Tuesday, 13 October 2015

Day 333 - Perfect Pondskaters

Pond Skater (Gerris lacustris) at Fairburn Ings
Hey everyone, today's Day 333 and I just want to say thank you all ever so much for the support on, not just my blog, but on my Twitter Account as well. Just today I hit 1000 followers on Twitter. That is absolutely amazing. I didn't ever think I'd get so many followers! It seem especially nice to have happened on the special day of Day 333. Nature folks are really amazing and supportive so I want to say a truely big thank you to everyone who reads, tweets, favourites and retweets etc.

Another amazing occasion today was that Esme passed her puppy training class, so my post is a bit late today.

Well, as it's such a momentous occasion, I thought I'd cover what doesn't always seem such an amazing thing to look at, but as soon as you take into account where they actually are, then you realise that they are actually amazingly walking on water! I see these incredible creatures lots of pla

ces I go and I have pictures today from the amazing Fairburn Ings and Nosterfield Nature reserves.

Yes, today my post is on the seemingly Perfect Pondskaters!

So, here are the facts:
A gang of pond skaters hanging around on
a rock in the dipping pond at Nosterfield
  • Now, thinking about Pondskaters, ducks and geese also come to mind as these can also can fly and swim. However Pond Skaters go a step further as they can walk on the surface of the water! Ducks and geese can only do that when its frozen!
  • Like many types of insect families there are a number of different species. In the UK the most likely one you will find is the Common Pondskater with a body length of just 1.5cm.
  • One that I have heard of, that I'm sure a lot of my audience will know about, is the Great Pondskater. It actually has a body length of 5 cm and a leg span of a foot!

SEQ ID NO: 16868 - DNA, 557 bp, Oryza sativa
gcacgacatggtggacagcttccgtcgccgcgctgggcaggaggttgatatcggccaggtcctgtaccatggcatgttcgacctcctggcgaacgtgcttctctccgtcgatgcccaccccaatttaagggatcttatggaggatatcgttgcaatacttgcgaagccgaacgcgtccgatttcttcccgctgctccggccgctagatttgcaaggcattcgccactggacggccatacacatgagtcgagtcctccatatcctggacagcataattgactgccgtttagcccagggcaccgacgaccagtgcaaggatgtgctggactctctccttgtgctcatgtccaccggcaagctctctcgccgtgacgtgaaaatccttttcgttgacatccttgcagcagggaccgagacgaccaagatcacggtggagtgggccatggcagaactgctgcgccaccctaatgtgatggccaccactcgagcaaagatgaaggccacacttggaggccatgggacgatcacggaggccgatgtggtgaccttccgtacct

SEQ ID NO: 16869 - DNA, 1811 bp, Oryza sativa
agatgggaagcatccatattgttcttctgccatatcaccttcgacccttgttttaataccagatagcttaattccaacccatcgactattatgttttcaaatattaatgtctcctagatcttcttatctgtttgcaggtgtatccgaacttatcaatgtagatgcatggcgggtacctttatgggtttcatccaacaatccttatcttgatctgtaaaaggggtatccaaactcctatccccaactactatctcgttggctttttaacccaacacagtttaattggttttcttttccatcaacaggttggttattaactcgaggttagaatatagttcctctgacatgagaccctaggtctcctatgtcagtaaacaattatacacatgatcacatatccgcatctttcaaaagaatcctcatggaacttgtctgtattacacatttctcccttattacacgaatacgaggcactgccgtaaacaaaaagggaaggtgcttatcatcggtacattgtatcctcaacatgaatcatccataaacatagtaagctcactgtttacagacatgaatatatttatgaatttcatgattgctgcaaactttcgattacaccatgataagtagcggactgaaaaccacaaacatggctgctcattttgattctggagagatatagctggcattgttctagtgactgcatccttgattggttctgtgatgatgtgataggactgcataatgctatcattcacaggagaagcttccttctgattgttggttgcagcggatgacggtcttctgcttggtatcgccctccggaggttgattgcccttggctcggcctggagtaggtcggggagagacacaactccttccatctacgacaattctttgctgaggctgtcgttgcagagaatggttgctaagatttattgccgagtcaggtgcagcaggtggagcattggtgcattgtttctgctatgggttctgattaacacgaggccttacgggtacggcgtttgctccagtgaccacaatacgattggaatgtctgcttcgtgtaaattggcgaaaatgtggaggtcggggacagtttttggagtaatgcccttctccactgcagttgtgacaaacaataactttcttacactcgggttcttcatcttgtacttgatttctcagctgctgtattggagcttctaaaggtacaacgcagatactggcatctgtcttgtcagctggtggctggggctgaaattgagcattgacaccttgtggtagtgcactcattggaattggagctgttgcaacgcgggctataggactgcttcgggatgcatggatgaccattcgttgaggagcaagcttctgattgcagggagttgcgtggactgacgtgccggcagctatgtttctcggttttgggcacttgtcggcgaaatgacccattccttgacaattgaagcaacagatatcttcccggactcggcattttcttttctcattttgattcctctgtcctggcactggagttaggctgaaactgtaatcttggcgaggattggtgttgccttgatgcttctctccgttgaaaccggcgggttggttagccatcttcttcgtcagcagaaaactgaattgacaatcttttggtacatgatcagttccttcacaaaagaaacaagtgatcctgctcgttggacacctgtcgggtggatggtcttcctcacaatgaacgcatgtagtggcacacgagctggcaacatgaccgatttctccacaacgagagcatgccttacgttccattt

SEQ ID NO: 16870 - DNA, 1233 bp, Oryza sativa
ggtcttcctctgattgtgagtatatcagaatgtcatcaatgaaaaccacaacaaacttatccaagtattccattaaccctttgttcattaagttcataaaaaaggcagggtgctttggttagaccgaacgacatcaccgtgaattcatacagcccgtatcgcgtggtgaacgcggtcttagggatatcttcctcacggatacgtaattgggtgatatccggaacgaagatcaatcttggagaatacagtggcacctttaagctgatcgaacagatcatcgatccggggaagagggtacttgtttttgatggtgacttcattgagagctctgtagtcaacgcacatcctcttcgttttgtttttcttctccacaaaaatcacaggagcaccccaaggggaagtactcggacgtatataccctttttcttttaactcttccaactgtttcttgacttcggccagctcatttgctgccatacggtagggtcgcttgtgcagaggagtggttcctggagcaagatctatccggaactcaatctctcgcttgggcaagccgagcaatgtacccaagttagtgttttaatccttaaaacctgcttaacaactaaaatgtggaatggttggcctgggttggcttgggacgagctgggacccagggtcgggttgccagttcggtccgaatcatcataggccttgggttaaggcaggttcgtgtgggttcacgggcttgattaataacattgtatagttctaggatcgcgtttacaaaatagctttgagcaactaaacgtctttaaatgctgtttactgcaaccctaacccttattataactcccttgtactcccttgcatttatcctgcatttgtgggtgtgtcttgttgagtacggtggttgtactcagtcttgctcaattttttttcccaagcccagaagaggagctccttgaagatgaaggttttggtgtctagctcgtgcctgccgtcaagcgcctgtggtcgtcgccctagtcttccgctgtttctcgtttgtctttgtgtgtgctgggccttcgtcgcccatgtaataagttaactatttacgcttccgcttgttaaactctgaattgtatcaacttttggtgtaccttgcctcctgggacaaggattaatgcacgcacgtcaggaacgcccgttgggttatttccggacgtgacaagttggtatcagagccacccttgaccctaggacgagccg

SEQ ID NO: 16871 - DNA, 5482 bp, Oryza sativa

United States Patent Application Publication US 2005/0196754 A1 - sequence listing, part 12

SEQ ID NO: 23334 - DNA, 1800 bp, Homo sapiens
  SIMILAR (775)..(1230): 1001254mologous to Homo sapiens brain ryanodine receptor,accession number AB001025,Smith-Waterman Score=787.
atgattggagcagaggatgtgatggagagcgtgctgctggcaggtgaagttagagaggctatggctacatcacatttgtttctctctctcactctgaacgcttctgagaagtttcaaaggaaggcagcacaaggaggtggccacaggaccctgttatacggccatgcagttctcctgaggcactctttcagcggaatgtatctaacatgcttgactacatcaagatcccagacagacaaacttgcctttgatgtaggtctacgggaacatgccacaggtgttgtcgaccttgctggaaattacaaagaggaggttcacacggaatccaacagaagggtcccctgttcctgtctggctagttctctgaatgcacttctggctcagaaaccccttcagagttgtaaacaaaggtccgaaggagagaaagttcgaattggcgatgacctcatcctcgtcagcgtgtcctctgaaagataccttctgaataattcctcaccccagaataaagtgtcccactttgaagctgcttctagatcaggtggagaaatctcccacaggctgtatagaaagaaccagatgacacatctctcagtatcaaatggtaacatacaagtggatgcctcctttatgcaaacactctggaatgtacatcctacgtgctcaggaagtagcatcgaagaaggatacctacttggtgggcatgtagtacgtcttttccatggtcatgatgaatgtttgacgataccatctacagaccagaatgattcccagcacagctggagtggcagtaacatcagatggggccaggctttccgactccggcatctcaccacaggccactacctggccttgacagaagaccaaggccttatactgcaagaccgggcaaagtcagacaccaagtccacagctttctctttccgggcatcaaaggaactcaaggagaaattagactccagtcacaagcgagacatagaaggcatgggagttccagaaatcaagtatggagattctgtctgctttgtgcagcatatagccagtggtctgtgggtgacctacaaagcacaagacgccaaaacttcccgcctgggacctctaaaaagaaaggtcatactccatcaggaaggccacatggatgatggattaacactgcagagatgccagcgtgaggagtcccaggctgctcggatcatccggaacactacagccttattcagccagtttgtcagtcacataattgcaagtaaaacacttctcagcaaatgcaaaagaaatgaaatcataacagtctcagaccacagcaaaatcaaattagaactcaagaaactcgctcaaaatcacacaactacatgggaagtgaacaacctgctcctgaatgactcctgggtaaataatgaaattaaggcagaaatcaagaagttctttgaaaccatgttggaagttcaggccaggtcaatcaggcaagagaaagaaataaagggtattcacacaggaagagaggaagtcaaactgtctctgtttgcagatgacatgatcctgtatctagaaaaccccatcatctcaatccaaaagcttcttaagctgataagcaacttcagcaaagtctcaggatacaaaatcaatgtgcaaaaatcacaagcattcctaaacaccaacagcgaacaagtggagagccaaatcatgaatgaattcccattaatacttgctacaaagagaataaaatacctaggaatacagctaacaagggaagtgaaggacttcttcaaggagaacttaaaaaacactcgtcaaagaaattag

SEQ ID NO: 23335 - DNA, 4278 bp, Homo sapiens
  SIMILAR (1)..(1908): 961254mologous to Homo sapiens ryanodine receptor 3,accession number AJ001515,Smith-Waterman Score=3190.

• Adult Common Pondskaters are found mainly walking-on-water from April to October.
  • In the winter they hibernate as adults and emerge in April to mate and lay eggs. 
  • Females actually lay egg by going underwater. (So that's why in Zach-Yearofnature-language they should be called. Pond-Mostly-Found-On-Top-Of-Water-s. :-)
  • Eggs hatch quickly and the larvae go through lots of stages of moults (around five instars) until they become adults.
  • Adults are able to walk on water because of water is known as the surface tension, they don't actually break the surface. Their hind legs they use to steer like rudders on a boat, the middle legs are use as oars to propel them.
You can see how the skater balances on the water
surface here and the reflection which looks like they
have massive feet.
  • So, what about their front legs. Well these are used to grasp prey which is generally smaller insects which they hunt for on the waters surface which they grab with their short front legs and stab with their sharp mouthparts.
  • To help them with their hunting they sense ripples on the water with sensitive hairs on their legs.
  • Pondskaters are found all over the UK found mostly in England declining, weirdly, the further North and East you go. They are found in Ireland as well.
  • When I saw some people Pond Dipping at Fairburn Ings I saw that they had caught Pond Skaters. But not for long. Some were actually climbing up the sides of the tray!
  • So, to sum up for these amazing creatures. Huge or small. Found everywhere. can fly, can walk on water and can walk up walls.
Here are some links to some more information:

Hope you enjoyed,


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